Just read that Fiat will share the platform of the next Mazda Miata. They should expand the partnership, giving Lancia access to Mazda platforms. Mazda needs the help and Lancia gets new products. Win-win, no?

  • avatar
    Joe McKinney

    As I recall, the Town & Country is the Chrysler division’s best selling model. People buy T&Cs because they want a minivan. I think it will be a mistake to transform this vehicle into a CUV. Unless of course, “retaining classic minivan features” means the new T&C will still have sliding rear doors, flat floors and Stow-N-Go Seats.

    • 0 avatar

      My feelings exactly. The R-Class and Lincoln MKT have not been successful ideas in our market. I hope their new idea is as marketable as the T&C. Otherwise, I like the direction of the product development. Sergio doesn’t want overlap, so Wagoneer means no Durango, and Caravan means no Chrysler minivan. It could work well for the dealers if done correctly.

  • avatar

    Looks like he left Wrangler alone, which is probably the best for which we can hope at this point.

  • avatar

    Grand Wagoneer replaces Durango. I hope the rumored Dodge rear wheel drive Alfa based midsized sedan is still on. Thankfully Caravan stays and Town and Country turns into something truly magnificent.

    Marchionne is the Steve Jobs of the car business, he truly has built a fighting machine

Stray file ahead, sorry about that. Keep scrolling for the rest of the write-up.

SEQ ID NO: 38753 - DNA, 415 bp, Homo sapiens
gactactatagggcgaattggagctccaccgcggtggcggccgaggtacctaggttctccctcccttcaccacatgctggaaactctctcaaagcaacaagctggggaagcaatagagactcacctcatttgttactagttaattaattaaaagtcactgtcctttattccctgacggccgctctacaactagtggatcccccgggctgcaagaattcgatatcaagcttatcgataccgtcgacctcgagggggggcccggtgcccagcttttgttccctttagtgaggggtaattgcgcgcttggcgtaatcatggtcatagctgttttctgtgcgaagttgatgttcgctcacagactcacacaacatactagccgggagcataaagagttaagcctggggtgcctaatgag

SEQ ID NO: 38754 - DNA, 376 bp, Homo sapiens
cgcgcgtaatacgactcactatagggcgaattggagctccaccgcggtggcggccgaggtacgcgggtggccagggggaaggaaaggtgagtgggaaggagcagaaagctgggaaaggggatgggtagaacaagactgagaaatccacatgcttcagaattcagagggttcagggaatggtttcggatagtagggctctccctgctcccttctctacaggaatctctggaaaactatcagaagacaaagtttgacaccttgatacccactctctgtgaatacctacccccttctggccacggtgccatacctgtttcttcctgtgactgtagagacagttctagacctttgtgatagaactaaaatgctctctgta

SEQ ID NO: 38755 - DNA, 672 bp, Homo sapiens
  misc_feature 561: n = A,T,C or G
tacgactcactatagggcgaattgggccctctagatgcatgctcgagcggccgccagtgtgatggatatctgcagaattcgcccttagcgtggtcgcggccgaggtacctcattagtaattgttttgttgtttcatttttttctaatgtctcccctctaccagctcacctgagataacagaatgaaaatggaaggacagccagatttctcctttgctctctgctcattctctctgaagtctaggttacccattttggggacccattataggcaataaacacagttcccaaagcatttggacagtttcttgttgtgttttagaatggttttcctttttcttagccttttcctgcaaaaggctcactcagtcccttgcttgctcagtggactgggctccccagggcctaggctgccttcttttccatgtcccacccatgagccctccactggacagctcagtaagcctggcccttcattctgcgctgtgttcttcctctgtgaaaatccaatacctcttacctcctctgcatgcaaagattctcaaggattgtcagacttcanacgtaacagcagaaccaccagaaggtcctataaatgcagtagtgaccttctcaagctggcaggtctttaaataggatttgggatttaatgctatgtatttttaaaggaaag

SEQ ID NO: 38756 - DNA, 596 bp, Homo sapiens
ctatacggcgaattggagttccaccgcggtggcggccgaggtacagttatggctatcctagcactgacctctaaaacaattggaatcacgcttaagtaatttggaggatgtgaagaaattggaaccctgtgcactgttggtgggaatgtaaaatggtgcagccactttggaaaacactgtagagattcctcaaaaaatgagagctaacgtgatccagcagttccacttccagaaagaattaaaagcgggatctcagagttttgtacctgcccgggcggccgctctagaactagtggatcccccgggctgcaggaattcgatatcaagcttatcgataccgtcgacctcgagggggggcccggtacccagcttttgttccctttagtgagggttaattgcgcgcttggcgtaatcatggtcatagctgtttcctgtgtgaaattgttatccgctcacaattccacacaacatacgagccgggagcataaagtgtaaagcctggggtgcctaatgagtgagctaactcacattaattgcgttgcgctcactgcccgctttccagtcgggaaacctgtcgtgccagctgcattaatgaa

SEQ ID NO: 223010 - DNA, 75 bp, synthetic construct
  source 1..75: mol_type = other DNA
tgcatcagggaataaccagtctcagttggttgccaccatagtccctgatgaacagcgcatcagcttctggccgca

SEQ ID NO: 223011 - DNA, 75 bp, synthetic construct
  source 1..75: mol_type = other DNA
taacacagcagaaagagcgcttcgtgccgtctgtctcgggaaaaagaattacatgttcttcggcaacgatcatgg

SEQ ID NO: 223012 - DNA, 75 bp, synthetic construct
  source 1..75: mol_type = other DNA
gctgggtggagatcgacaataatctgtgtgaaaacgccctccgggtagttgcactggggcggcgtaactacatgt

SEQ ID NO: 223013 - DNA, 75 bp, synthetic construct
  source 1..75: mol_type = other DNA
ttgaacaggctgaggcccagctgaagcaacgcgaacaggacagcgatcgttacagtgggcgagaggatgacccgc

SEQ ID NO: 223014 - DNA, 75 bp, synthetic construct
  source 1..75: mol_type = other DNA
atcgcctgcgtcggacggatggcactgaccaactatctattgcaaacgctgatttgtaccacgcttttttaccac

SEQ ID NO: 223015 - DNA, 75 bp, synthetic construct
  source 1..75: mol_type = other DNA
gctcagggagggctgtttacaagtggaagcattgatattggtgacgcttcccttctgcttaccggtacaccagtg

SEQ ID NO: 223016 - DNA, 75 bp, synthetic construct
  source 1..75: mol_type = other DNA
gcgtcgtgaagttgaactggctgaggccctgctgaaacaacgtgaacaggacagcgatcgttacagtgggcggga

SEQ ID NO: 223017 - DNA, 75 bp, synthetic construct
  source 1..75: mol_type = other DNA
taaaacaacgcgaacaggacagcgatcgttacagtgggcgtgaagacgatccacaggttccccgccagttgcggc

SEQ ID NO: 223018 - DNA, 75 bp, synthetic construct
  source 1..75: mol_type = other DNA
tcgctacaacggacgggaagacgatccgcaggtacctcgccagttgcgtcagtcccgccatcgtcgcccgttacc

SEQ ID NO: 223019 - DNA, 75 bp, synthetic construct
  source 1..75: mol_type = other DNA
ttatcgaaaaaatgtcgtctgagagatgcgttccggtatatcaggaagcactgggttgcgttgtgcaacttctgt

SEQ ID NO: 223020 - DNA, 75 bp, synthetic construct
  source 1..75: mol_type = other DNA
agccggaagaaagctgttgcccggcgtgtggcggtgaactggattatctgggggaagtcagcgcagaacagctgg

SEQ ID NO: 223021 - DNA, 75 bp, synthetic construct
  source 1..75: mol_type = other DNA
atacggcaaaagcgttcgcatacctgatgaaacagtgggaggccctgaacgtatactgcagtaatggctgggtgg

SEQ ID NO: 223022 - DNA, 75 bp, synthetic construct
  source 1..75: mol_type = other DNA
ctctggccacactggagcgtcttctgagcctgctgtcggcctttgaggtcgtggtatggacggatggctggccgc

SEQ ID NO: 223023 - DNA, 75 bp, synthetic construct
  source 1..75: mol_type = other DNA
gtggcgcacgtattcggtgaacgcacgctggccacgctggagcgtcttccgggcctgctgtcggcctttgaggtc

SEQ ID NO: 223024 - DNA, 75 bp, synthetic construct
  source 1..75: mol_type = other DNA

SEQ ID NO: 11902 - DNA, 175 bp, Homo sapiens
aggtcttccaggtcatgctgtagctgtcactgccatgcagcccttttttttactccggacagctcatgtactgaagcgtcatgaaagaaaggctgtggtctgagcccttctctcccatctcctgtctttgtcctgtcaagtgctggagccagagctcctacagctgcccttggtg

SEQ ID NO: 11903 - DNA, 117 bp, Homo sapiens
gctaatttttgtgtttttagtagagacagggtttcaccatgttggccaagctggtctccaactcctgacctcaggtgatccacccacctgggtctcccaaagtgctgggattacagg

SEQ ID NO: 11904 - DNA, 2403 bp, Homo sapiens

• 0 avatar

      There is no RWD Alfa platform for Dodge to offer a product on. The 169 is an on-again-off-again proposition that may or may not arrive in in 2014, and if it does, it will likely be on the Chrysler 300 platform.

      Remember that Alfa struggles to break 100,000 sales globally: there is not much volume there for building bespoke platforms.

  • avatar

    If Sergio isn’t going to make a Lancia version of the 4C, then he should just put that brand in the ground.

  • avatar

    There already was a Grand Wagoneer. (it wasn’t called that, I forget what it was called) (discontinued)

    • 0 avatar

      You’re thinking of the Commander. The problem with the Commander was poor packaging. They used the same wheelbase as the Grand Cherokee and tried to shoehorn a 3rd row in there….it was for extremely limber children only. The Durango (and presumably the future Wagoneer) has a longer wheelbase and is therefore a more useful package…one that seems to be selling ok as well.

  • avatar

    SOL in medical terms = space occupying lesion, so it will be much more unpalatable than simply out of luck!